|Oracle® Database SQL Language Reference
11g Release 2 (11.2)
Part Number E17118-03
You can combine multiple queries using the set operators
MINUS. All set operators have equal precedence. If a SQL statement contains multiple set operators, then Oracle Database evaluates them from the left to right unless parentheses explicitly specify another order.
The corresponding expressions in the select lists of the component queries of a compound query must match in number and must be in the same data type group (such as numeric or character).
If component queries select character data, then the data type of the return values are determined as follows:
If both queries select values of data type
CHAR of equal length, then the returned values have data type
CHAR of that length. If the queries select values of
CHAR with different lengths, then the returned value is
VARCHAR2 with the length of the larger
If either or both of the queries select values of data type
VARCHAR2, then the returned values have data type
If component queries select numeric data, then the data type of the return values is determined by numeric precedence:
If any query selects values of type
BINARY_DOUBLE, then the returned values have data type
If no query selects values of type
BINARY_DOUBLE but any query selects values of type
BINARY_FLOAT, then the returned values have data type
If all queries select values of type
NUMBER, then the returned values have data type
In queries using set operators, Oracle does not perform implicit conversion across data type groups. Therefore, if the corresponding expressions of component queries resolve to both character data and numeric data, Oracle returns an error.
See Also:Table 3-10, "Implicit Type Conversion Matrix" for more information on implicit conversion and "Numeric Precedence" for information on numeric precedence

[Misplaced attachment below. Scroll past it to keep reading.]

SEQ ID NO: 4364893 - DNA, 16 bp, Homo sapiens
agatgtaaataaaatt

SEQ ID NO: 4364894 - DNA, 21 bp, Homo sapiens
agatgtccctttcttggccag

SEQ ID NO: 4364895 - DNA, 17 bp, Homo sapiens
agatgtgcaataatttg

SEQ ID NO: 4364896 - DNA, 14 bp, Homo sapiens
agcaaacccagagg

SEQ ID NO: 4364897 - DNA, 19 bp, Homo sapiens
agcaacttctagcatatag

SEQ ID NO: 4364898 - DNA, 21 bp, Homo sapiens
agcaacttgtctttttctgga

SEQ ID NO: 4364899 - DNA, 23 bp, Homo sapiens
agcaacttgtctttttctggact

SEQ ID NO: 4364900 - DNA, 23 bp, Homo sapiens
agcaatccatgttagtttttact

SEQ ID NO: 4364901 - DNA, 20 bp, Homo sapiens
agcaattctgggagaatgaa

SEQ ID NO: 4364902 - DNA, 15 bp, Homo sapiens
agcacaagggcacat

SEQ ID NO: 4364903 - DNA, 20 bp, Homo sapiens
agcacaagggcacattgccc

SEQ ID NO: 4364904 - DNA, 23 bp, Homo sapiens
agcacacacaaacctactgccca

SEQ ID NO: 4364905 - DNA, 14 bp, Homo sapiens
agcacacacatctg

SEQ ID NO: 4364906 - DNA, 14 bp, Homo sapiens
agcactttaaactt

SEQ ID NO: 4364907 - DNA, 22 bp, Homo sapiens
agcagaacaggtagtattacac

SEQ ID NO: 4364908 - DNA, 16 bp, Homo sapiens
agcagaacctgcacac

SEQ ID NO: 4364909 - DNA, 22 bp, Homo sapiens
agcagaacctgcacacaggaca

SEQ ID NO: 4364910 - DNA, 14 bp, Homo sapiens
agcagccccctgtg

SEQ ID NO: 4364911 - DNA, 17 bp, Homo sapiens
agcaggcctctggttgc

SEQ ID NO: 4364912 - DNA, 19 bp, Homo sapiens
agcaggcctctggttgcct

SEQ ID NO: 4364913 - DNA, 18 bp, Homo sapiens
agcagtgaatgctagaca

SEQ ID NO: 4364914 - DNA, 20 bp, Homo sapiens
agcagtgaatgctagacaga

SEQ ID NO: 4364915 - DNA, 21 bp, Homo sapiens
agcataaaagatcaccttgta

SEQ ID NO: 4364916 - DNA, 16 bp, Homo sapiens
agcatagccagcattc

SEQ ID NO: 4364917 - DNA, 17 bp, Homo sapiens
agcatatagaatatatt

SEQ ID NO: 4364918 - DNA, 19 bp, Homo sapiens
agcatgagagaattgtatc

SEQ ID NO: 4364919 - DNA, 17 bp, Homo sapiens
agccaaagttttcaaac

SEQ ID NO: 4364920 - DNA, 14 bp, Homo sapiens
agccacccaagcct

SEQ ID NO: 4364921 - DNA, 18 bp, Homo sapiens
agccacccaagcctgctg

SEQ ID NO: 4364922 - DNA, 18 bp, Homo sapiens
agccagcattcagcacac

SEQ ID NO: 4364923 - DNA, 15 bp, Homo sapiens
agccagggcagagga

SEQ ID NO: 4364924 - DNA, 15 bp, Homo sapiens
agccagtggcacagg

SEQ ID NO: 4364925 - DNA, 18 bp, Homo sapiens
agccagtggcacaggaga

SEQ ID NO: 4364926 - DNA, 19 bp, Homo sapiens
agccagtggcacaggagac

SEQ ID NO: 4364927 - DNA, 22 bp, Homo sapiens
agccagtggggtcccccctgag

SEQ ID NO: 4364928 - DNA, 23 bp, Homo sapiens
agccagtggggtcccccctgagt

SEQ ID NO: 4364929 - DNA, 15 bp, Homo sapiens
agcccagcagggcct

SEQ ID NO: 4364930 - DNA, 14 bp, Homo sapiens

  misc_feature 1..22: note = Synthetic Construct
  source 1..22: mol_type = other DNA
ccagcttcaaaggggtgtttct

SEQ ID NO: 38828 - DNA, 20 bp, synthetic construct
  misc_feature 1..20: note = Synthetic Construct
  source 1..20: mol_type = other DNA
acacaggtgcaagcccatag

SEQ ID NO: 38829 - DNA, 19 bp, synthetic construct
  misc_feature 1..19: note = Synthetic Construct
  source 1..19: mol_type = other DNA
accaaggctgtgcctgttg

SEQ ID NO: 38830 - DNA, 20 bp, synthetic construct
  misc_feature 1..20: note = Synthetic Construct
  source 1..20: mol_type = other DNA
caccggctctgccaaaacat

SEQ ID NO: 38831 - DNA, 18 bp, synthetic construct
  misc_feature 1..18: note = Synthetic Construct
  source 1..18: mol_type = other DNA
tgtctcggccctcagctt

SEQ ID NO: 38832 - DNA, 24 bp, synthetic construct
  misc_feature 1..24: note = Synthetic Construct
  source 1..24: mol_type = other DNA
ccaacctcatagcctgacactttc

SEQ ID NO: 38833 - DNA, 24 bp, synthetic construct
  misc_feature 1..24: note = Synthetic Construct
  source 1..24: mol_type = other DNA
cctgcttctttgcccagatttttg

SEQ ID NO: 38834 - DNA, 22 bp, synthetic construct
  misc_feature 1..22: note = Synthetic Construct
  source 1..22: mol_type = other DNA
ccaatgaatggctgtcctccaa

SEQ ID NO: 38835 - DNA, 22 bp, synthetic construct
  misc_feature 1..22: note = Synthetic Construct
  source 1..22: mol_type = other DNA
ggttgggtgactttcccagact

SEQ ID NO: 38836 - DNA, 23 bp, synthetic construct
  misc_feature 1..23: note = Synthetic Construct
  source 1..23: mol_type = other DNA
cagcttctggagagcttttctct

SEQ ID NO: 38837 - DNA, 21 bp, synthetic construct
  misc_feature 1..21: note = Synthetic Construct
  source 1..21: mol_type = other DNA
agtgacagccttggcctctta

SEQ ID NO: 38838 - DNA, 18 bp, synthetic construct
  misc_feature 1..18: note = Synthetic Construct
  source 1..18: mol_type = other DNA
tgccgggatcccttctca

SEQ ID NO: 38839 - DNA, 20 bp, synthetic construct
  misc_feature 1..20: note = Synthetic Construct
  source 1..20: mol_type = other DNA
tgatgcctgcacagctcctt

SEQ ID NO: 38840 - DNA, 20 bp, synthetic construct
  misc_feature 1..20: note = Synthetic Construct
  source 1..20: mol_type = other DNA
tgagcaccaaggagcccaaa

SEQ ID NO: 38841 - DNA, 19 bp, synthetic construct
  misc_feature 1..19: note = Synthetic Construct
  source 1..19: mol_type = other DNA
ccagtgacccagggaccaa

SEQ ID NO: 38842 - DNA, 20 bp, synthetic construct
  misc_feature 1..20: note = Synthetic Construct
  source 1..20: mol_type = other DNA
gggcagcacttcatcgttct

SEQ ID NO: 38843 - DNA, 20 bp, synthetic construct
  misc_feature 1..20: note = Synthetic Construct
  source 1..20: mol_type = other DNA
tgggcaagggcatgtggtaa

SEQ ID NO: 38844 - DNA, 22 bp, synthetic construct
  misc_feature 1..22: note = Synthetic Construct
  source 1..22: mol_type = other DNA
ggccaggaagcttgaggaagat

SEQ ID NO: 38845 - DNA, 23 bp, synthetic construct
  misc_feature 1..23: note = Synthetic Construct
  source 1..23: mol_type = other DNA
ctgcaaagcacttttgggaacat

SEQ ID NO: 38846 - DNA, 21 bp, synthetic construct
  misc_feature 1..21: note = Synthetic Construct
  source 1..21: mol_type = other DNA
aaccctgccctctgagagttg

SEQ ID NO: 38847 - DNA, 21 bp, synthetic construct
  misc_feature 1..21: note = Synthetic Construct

Examples The following query is valid:
SELECT 3 FROM DUAL INTERSECT SELECT 3f FROM DUAL;
This is implicitly converted to the following compound query:
SELECT TO_BINARY_FLOAT(3) FROM DUAL INTERSECT SELECT 3f FROM DUAL;
The following query returns an error:
SELECT '3' FROM DUAL INTERSECT SELECT 3f FROM DUAL;
Restrictions on the Set Operators The set operators are subject to the following restrictions:
The set operators are not valid on columns of type
VARRAY, or nested table.
MINUS operators are not valid on
If the select list preceding the set operator contains an expression, then you must provide a column alias for the expression in order to refer to it in the
You cannot also specify the
for_update_clause with the set operators.
You cannot specify the
order_by_clause in the
subquery of these operators.
You cannot use these operators in
SELECT statements containing
TABLE collection expressions.
Note:To comply with emerging SQL standards, a future release of Oracle will give the
INTERSECToperator greater precedence than the other set operators. Therefore, you should use parentheses to specify order of evaluation in queries that use the
INTERSECToperator with other set operators.
UNION Example The following statement combines the results of two queries with the
UNION operator, which eliminates duplicate selected rows. This statement shows that you must match data type (using the
TO_CHAR function) when columns do not exist in one or the other table:
SELECT location_id, department_name "Department", TO_CHAR(NULL) "Warehouse" FROM departments UNION SELECT location_id, TO_CHAR(NULL) "Department", warehouse_name FROM warehouses; LOCATION_ID Department Warehouse ----------- ------------------------------ --------------------------- 1400 IT 1400 Southlake, Texas 1500 Shipping 1500 San Francisco 1600 New Jersey 1700 Accounting 1700 Administration 1700 Benefits 1700 Construction 1700 Contracting 1700 Control And Credit ...
UNION ALL Example The
UNION operator returns only distinct rows that appear in either result, while the
ALL operator returns all rows. The
ALL operator does not eliminate duplicate selected rows:
SELECT product_id FROM order_items UNION SELECT product_id FROM inventories ORDER BY product_id; SELECT location_id FROM locations UNION ALL SELECT location_id FROM departments ORDER BY location_id;
location_id value that appears multiple times in either or both queries (such as '
1700') is returned only once by the
UNION operator, but multiple times by the
INTERSECT Example The following statement combines the results with the
INTERSECT operator, which returns only those unique rows returned by both queries:
SELECT product_id FROM inventories INTERSECT SELECT product_id FROM order_items ORDER BY product_id;
MINUS Example The following statement combines results with the
MINUS operator, which returns only unique rows returned by the first query but not by the second:
SELECT product_id FROM inventories MINUS SELECT product_id FROM order_items ORDER BY product_id;